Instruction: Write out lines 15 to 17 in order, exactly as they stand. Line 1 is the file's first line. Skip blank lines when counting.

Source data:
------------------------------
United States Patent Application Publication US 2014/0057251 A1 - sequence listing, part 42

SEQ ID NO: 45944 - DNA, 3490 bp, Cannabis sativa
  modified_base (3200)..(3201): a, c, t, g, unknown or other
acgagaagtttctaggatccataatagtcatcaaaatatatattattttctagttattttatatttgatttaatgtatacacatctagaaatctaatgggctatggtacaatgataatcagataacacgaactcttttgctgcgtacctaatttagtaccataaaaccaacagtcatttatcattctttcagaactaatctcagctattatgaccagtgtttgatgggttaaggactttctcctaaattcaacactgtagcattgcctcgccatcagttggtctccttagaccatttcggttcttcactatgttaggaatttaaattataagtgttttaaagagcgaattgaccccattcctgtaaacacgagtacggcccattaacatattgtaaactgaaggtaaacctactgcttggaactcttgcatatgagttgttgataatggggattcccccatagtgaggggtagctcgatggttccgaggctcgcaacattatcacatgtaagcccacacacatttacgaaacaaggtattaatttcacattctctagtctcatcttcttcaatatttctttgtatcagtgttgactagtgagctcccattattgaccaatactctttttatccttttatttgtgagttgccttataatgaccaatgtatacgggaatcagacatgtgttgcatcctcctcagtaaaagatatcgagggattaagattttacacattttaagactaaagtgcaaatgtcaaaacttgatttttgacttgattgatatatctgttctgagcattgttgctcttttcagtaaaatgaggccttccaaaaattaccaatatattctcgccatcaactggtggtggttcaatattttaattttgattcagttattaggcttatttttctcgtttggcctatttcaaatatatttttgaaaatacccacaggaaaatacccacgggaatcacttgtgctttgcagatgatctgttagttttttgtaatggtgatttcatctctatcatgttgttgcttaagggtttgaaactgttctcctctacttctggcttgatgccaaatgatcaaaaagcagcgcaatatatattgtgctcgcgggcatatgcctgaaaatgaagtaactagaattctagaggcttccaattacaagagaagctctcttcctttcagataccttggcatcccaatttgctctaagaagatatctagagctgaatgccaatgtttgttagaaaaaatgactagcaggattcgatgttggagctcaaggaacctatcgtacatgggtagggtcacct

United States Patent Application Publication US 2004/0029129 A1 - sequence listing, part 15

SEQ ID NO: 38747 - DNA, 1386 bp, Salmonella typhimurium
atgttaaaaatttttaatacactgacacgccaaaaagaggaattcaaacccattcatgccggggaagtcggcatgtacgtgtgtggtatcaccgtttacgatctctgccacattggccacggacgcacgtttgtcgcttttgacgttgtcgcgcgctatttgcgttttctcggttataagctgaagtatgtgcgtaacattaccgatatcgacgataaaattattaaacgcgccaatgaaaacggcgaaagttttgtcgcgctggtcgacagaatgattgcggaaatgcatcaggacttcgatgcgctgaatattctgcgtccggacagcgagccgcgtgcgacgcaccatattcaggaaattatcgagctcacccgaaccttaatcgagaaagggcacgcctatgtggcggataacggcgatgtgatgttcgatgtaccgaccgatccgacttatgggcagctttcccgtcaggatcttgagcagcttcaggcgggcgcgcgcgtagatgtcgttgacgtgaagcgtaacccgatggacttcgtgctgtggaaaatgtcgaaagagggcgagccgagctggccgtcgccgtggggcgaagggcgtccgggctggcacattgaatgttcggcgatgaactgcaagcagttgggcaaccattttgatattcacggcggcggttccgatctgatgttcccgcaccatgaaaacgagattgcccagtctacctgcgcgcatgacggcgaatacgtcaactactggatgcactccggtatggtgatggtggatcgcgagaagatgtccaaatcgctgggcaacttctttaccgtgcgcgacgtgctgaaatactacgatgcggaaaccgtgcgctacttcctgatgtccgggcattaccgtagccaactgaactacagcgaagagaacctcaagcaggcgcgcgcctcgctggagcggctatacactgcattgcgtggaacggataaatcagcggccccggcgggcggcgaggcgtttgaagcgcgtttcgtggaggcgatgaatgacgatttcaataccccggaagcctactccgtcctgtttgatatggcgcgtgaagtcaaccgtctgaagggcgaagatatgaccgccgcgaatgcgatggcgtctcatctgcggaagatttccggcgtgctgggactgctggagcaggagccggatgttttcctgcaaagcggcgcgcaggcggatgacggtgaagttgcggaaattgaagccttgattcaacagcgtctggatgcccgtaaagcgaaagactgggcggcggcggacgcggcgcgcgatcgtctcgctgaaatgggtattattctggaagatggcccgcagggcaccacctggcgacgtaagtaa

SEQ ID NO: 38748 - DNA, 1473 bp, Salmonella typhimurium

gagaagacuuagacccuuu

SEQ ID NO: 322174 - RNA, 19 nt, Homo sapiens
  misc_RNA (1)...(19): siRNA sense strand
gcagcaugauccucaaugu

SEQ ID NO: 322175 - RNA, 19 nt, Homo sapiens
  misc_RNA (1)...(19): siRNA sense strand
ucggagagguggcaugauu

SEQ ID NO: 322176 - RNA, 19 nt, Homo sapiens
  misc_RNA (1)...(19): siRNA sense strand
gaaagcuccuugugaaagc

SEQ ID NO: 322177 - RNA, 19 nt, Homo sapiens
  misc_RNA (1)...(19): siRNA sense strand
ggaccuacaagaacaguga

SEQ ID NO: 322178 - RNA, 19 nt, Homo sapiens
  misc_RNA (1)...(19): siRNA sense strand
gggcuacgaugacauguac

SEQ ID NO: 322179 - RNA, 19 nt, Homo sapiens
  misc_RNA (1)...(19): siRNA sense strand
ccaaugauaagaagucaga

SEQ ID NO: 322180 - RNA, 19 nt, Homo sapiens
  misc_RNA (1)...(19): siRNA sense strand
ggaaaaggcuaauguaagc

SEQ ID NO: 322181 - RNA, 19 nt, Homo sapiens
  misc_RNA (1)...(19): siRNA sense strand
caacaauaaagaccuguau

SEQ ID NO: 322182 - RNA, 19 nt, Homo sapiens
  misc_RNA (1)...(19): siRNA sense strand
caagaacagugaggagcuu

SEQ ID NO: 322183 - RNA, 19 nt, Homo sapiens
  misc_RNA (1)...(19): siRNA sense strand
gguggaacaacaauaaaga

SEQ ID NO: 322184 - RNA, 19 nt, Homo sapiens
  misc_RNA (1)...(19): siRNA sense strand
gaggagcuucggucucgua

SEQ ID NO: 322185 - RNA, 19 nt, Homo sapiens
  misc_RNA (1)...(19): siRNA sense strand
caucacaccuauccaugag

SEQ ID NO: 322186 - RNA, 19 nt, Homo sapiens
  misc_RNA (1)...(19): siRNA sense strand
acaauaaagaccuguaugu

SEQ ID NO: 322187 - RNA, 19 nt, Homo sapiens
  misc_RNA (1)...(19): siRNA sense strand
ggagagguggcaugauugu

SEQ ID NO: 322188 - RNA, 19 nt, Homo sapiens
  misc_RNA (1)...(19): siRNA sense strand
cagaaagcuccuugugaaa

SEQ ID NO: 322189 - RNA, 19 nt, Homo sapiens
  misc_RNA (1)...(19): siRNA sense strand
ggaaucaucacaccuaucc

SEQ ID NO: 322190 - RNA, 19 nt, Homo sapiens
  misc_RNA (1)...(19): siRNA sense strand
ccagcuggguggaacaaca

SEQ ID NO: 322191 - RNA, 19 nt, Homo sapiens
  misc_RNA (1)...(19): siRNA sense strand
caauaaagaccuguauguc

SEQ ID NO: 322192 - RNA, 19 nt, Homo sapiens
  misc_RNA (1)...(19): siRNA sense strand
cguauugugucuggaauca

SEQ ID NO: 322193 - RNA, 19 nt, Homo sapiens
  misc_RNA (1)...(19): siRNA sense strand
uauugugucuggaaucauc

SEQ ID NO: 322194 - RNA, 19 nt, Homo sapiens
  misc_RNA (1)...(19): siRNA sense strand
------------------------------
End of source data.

ucggagagguggcaugauu

SEQ ID NO: 322176 - RNA, 19 nt, Homo sapiens
  misc_RNA (1)...(19): siRNA sense strand